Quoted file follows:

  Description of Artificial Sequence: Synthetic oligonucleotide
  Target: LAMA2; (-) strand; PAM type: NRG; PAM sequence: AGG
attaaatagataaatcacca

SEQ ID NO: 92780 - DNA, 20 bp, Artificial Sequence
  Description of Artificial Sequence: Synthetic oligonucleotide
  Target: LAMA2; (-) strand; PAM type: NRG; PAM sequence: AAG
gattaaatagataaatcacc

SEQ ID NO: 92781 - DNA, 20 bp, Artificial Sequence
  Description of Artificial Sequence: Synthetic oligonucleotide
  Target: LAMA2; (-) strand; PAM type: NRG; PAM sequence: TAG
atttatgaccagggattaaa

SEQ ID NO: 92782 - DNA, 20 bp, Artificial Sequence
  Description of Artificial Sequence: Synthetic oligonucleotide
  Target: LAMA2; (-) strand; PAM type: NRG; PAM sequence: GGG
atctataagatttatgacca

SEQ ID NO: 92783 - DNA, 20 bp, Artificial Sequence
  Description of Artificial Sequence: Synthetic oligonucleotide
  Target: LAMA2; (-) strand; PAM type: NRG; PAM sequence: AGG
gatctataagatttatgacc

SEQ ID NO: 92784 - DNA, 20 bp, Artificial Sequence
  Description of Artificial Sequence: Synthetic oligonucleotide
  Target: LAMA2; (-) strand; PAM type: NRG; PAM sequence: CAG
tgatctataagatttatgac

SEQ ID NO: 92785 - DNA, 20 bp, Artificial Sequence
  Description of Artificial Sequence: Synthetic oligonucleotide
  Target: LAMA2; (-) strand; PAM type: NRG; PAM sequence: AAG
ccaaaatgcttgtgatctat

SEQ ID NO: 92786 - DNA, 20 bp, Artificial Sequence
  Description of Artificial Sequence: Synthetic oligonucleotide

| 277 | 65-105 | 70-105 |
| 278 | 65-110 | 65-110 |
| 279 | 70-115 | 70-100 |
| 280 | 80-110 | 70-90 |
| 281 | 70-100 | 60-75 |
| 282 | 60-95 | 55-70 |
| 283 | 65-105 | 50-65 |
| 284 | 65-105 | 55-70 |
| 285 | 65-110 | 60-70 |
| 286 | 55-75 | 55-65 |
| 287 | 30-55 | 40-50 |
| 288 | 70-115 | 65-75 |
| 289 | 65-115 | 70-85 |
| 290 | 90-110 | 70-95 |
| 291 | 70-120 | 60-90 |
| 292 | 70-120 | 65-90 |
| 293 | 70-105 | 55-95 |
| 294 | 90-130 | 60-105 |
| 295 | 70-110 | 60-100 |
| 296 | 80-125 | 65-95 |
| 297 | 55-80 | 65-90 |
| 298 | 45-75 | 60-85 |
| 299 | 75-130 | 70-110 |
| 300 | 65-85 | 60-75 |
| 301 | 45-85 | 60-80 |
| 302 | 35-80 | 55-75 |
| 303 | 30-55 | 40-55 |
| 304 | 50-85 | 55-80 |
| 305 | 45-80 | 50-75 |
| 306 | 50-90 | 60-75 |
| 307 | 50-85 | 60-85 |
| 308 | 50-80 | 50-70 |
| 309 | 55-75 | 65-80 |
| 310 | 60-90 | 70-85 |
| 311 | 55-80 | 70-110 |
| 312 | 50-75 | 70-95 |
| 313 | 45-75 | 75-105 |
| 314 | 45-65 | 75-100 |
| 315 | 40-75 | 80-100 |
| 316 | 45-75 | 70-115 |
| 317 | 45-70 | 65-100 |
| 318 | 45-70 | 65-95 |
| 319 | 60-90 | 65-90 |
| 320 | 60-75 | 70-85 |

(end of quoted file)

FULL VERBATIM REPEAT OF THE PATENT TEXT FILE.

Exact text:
  Description of Artificial Sequence: Synthetic oligonucleotide
  Target: LAMA2; (-) strand; PAM type: NRG; PAM sequence: AGG
attaaatagataaatcacca

SEQ ID NO: 92780 - DNA, 20 bp, Artificial Sequence
  Description of Artificial Sequence: Synthetic oligonucleotide
  Target: LAMA2; (-) strand; PAM type: NRG; PAM sequence: AAG
gattaaatagataaatcacc

SEQ ID NO: 92781 - DNA, 20 bp, Artificial Sequence
  Description of Artificial Sequence: Synthetic oligonucleotide
  Target: LAMA2; (-) strand; PAM type: NRG; PAM sequence: TAG
atttatgaccagggattaaa

SEQ ID NO: 92782 - DNA, 20 bp, Artificial Sequence
  Description of Artificial Sequence: Synthetic oligonucleotide
  Target: LAMA2; (-) strand; PAM type: NRG; PAM sequence: GGG
atctataagatttatgacca

SEQ ID NO: 92783 - DNA, 20 bp, Artificial Sequence
  Description of Artificial Sequence: Synthetic oligonucleotide
  Target: LAMA2; (-) strand; PAM type: NRG; PAM sequence: AGG
gatctataagatttatgacc

SEQ ID NO: 92784 - DNA, 20 bp, Artificial Sequence
  Description of Artificial Sequence: Synthetic oligonucleotide
  Target: LAMA2; (-) strand; PAM type: NRG; PAM sequence: CAG
tgatctataagatttatgac

SEQ ID NO: 92785 - DNA, 20 bp, Artificial Sequence
  Description of Artificial Sequence: Synthetic oligonucleotide
  Target: LAMA2; (-) strand; PAM type: NRG; PAM sequence: AAG
ccaaaatgcttgtgatctat

SEQ ID NO: 92786 - DNA, 20 bp, Artificial Sequence
  Description of Artificial Sequence: Synthetic oligonucleotide

| 277 | 65-105 | 70-105 |
| 278 | 65-110 | 65-110 |
| 279 | 70-115 | 70-100 |
| 280 | 80-110 | 70-90 |
| 281 | 70-100 | 60-75 |
| 282 | 60-95 | 55-70 |
| 283 | 65-105 | 50-65 |
| 284 | 65-105 | 55-70 |
| 285 | 65-110 | 60-70 |
| 286 | 55-75 | 55-65 |
| 287 | 30-55 | 40-50 |
| 288 | 70-115 | 65-75 |
| 289 | 65-115 | 70-85 |
| 290 | 90-110 | 70-95 |
| 291 | 70-120 | 60-90 |
| 292 | 70-120 | 65-90 |
| 293 | 70-105 | 55-95 |
| 294 | 90-130 | 60-105 |
| 295 | 70-110 | 60-100 |
| 296 | 80-125 | 65-95 |
| 297 | 55-80 | 65-90 |
| 298 | 45-75 | 60-85 |
| 299 | 75-130 | 70-110 |
| 300 | 65-85 | 60-75 |
| 301 | 45-85 | 60-80 |
| 302 | 35-80 | 55-75 |
| 303 | 30-55 | 40-55 |
| 304 | 50-85 | 55-80 |
| 305 | 45-80 | 50-75 |
| 306 | 50-90 | 60-75 |
| 307 | 50-85 | 60-85 |
| 308 | 50-80 | 50-70 |
| 309 | 55-75 | 65-80 |
| 310 | 60-90 | 70-85 |
| 311 | 55-80 | 70-110 |
| 312 | 50-75 | 70-95 |
| 313 | 45-75 | 75-105 |
| 314 | 45-65 | 75-100 |
| 315 | 40-75 | 80-100 |
| 316 | 45-75 | 70-115 |
| 317 | 45-70 | 65-100 |
| 318 | 45-70 | 65-95 |
| 319 | 60-90 | 65-90 |
| 320 | 60-75 | 70-85 |